Recognition and Management of Individuals With Hyperglycemia Because of a Heterozygous Glucokinase Mutation
Gloyn, Anna L.
Shepherd, Maggie H.
Hattersley, Andrew T.
American Diabetes Association
Glucokinase-maturity-onset diabetes of the young (GCK-MODY), also known as MODY2, is caused by heterozygous inactivating mutations in the GCK gene. GCK gene mutations are present in ∼1 in 1,000 of the population, but most are not diagnosed. They are common causes of MODY (10-60%): persistent incidental childhood hyperglycemia (10-60%) and gestational diabetes mellitus (1-2%). GCK-MODY has a unique pathophysiology and clinical characteristics, so it is best considered as a discrete genetic subgroup. People with GCK-MODY have a defect in glucose sensing; hence, glucose homeostasis is maintained at a higher set point resulting in mild, asymptomatic fasting hyperglycemia (5.4-8.3 mmol/L, HbA1c range 5.8-7.6% [40-60 mmol/mol]), which is present from birth and shows slight deterioration with age. Even after 50 years of mild hyperglycemia, people with GCK-MODY do not develop significant microvascular complications, and the prevalence of macrovascular complications is probably similar to that in the general population. Treatment is not recommended outside pregnancy because glucose-lowering therapy is ineffective in people with GCK-MODY and there is a lack of long-term complications. In pregnancy, fetal growth is primarily determined by whether the fetus inherits the GCK gene mutation from their mother. Insulin treatment of the mother is only appropriate when increased fetal abdominal growth on scanning suggests the fetus is unaffected. The impact on outcome of maternal insulin treatment is limited owing to the difficulty in altering maternal glycemia in these patients. Making the diagnosis of GCK-MODY through genetic testing is essential to avoid unnecessary treatment and investigations, especially when patients are misdiagnosed with type 1 or type 2 diabetes.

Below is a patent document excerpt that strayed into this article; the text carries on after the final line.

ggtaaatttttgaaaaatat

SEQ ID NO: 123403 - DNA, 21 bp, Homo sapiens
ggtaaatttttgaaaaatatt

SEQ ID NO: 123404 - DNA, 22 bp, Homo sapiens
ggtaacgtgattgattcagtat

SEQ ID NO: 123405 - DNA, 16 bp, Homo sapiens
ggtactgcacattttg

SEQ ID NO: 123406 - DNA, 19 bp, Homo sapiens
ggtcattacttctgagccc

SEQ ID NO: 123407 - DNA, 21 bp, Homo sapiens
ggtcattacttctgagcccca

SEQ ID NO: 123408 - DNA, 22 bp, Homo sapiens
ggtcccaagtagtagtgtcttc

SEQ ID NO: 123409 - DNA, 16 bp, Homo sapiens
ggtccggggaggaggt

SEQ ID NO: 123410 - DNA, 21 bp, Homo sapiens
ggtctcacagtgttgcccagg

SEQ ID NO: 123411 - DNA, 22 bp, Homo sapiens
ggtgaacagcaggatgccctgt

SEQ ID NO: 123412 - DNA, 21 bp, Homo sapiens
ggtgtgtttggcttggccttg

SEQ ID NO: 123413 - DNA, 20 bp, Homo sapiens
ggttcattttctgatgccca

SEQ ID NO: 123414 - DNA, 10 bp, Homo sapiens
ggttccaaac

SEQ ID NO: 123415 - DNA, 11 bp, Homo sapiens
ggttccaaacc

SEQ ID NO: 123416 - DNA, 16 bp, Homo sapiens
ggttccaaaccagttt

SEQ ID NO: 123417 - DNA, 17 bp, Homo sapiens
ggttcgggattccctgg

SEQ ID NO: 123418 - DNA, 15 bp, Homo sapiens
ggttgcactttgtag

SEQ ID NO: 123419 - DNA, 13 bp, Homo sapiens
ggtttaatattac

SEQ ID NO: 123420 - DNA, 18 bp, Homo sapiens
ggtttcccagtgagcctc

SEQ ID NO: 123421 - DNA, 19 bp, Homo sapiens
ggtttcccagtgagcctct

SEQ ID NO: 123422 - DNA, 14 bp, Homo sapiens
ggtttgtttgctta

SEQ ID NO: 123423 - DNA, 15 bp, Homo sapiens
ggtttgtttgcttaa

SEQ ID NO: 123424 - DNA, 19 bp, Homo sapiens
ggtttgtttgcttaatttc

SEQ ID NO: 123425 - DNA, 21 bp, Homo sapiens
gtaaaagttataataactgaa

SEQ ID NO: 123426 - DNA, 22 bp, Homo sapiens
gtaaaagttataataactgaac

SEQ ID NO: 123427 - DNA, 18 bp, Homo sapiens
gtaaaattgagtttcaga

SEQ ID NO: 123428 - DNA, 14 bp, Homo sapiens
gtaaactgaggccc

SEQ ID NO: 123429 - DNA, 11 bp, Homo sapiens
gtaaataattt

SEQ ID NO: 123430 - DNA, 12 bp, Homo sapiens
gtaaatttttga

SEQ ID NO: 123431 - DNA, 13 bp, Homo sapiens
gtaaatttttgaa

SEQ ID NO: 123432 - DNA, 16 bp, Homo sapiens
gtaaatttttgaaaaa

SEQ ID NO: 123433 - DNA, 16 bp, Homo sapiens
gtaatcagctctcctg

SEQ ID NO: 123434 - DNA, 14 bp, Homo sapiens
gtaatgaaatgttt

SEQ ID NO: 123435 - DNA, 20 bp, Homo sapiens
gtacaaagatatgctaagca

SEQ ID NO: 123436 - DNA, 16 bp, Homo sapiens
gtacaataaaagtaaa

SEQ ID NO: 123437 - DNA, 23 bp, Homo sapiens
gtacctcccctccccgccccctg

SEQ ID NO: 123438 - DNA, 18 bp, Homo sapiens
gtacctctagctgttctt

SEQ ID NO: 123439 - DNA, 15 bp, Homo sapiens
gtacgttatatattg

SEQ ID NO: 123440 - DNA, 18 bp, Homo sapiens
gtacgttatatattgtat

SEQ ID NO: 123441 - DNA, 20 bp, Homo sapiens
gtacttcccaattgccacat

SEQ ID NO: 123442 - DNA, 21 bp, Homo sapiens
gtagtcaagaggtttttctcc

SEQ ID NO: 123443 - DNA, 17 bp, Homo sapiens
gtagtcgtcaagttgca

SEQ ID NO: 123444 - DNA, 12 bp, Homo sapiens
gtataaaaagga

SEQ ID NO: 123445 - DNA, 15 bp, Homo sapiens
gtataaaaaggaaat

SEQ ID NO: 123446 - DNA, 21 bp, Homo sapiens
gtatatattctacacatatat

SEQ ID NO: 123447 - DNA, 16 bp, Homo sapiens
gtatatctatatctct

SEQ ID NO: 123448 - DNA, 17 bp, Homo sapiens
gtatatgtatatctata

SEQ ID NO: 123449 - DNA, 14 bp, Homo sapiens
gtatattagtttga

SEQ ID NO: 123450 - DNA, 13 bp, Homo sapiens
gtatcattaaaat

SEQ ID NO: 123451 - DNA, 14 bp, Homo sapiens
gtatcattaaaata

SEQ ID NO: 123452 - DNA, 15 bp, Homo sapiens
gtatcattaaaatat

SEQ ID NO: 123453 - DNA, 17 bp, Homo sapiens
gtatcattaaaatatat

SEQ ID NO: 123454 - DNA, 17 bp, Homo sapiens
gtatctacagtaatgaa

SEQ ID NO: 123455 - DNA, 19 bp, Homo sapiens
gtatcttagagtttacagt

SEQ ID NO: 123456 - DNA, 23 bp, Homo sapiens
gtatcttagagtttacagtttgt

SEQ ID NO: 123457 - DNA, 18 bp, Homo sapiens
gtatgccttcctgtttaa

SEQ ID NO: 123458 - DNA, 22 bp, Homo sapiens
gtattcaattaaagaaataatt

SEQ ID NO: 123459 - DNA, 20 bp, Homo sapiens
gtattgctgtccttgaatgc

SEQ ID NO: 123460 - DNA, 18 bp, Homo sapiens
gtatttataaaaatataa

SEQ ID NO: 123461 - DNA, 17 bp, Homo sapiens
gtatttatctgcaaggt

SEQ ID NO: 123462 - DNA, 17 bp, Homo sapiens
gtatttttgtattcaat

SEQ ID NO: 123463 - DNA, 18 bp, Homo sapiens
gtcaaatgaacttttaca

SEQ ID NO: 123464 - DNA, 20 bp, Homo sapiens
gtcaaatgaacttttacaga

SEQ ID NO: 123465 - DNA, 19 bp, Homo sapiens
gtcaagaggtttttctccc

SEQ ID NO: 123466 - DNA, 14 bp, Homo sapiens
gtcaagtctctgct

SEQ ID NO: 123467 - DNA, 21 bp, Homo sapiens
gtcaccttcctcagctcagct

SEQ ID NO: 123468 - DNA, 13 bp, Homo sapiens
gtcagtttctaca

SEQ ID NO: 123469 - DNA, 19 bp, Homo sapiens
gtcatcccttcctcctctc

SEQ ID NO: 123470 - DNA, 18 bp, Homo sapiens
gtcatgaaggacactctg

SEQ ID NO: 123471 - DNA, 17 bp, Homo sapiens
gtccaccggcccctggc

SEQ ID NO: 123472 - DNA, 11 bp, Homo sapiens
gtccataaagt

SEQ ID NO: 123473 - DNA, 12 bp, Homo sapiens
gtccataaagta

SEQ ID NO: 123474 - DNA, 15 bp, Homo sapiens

National Institute for Health Research (NIHR)
This is an author-created, uncopyedited electronic version of an article accepted for publication in Diabetes. The American Diabetes Association (ADA), publisher of Diabetes, is not responsible for any errors or omissions in this version of the manuscript or any version derived from it by third parties. The definitive publisher-authenticated version will be available in a future issue of Diabetes in print and online at http://diabetes.diabetesjournals.org.
Vol. 38 (7), pp. 1383 - 1392
Place of publication